Australia's National Health and Medical Research Council released its revised dietary guidelines today:

A few quotes to show the utter stupidity of the authors:

From the guideline summary

Replace high fat foods which contain predominantly saturated fats such as butter, cream, cooking margarine, coconut and palm oil with foods which contain predominantly polyunsaturated and monounsaturated fats such as oils, spreads, nut butters/pastes and avocado
From the body, justifying the guidelines

The 2003 edition of the dietary guidelines and many international public health organisations, including the World Health Organization (WHO),98 emphasised the major role of fat consumption in the development of overweight and obesity and of reducing fat intake as part of management. More recently, WHO has shifted its emphasis, stating that there is convincing evidence that energy balance is critical to maintaining healthy weight and ensuring optimal nutrient intakes, regardless of macronutrient distribution.184 Although no specific macronutrient may be responsible for the development of obesity, the proportion of macronutrients in the diet does influence energy and nutrient intake, which may impinge on weight management and health outcomes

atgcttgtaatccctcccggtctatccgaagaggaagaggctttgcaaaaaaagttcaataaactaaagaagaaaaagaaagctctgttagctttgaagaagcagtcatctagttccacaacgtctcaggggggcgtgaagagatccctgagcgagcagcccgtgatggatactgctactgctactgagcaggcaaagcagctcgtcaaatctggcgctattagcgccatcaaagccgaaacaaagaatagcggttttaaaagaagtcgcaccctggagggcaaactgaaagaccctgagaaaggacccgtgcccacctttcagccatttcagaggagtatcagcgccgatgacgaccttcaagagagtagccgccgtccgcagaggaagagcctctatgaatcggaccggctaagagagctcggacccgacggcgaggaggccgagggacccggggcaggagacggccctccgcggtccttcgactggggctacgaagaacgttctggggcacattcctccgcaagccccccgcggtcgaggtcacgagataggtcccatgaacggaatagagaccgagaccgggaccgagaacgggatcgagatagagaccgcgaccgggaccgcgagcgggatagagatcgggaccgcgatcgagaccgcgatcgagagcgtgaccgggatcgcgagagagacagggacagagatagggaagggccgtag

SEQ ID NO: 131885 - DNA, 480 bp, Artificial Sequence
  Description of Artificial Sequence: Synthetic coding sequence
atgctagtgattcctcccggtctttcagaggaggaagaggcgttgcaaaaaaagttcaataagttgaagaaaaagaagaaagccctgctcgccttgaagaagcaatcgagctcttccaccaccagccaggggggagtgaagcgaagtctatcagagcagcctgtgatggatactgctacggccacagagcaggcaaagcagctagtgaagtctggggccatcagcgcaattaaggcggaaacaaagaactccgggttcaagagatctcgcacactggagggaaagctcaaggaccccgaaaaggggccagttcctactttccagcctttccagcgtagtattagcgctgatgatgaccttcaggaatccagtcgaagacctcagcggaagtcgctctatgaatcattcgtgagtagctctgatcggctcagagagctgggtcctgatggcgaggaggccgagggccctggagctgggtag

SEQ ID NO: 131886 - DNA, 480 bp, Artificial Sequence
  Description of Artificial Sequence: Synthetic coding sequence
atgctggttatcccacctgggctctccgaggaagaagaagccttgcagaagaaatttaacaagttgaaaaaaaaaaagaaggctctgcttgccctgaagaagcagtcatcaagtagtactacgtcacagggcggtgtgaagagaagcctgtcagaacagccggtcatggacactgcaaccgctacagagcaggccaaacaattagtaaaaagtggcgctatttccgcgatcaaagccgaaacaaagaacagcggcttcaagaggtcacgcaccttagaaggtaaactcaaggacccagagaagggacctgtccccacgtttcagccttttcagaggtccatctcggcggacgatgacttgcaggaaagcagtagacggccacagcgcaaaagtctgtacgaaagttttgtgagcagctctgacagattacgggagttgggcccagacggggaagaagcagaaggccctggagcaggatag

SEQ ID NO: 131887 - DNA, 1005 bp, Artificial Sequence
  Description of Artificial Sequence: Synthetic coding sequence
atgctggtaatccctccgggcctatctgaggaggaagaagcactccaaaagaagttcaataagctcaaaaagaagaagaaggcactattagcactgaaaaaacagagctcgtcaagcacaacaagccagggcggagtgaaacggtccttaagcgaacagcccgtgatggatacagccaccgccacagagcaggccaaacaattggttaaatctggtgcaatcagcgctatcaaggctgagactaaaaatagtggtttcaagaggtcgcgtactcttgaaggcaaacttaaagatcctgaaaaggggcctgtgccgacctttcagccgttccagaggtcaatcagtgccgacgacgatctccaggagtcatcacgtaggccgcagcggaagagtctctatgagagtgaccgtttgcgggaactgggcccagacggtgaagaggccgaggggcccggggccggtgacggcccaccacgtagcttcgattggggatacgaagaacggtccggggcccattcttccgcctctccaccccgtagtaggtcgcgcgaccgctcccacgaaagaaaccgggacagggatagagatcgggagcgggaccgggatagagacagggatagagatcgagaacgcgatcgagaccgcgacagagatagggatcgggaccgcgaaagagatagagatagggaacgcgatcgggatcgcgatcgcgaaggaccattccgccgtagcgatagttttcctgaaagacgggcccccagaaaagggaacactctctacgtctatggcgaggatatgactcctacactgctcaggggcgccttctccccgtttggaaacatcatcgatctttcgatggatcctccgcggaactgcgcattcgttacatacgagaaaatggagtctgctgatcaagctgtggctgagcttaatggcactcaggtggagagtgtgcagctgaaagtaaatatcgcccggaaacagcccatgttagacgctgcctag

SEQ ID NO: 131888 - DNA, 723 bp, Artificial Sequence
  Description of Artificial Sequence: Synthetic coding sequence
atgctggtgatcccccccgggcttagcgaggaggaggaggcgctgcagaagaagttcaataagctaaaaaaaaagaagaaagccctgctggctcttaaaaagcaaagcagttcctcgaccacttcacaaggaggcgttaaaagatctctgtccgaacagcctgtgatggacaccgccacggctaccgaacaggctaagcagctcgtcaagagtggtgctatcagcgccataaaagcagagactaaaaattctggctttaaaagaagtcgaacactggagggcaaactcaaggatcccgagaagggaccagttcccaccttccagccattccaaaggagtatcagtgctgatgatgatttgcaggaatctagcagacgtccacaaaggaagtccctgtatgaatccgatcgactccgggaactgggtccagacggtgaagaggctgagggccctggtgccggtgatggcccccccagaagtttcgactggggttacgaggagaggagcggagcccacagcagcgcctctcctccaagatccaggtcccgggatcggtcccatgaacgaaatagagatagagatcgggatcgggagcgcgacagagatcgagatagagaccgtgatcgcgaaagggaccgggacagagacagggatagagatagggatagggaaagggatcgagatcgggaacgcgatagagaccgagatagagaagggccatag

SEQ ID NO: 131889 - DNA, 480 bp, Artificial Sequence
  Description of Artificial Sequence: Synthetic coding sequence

Recent evidence suggests that consumption of dairy foods is not associated with weight change
or risk of obesity (Grade C; Evidence Report, Section 5.8)209-214 and that consuming milk is not associated with BMI or BMI change in childhood (Grade C; Evidence Report, Section 5.9).209,215-219 These findings are consistent with those of the US review, which found strong evidence that intake of milk and milk products do not have a distinct role in weight control.198
Very sad that my taxes contributed to this

Of interest though is their assessment of glycaemic index and glycaemic load:

The US review found strong and consistent evidence that glycaemic index and/or glycaemic
load are not associated with body weight and that modifying either of these does not lead to greater weight loss or better weight management.198 There is considerable variability in these indices, depending on inter-and intra-individual factors and the form of food (including the degree of processing, stage of ripeness, cooking and cooling times), which may limit practical application.199 These factors were not included in the literature review to inform the revision of these Guidelines
But then there is this:

There is evidence of a probable association between consumption of three to five serves per day
of grain (cereal) foods (mainly wholegrain) and a reduced risk of weight gain (Grade B; Evidence Report,
Section 6.5).215,220-229
Flies in the face of my weight loss and stability for three years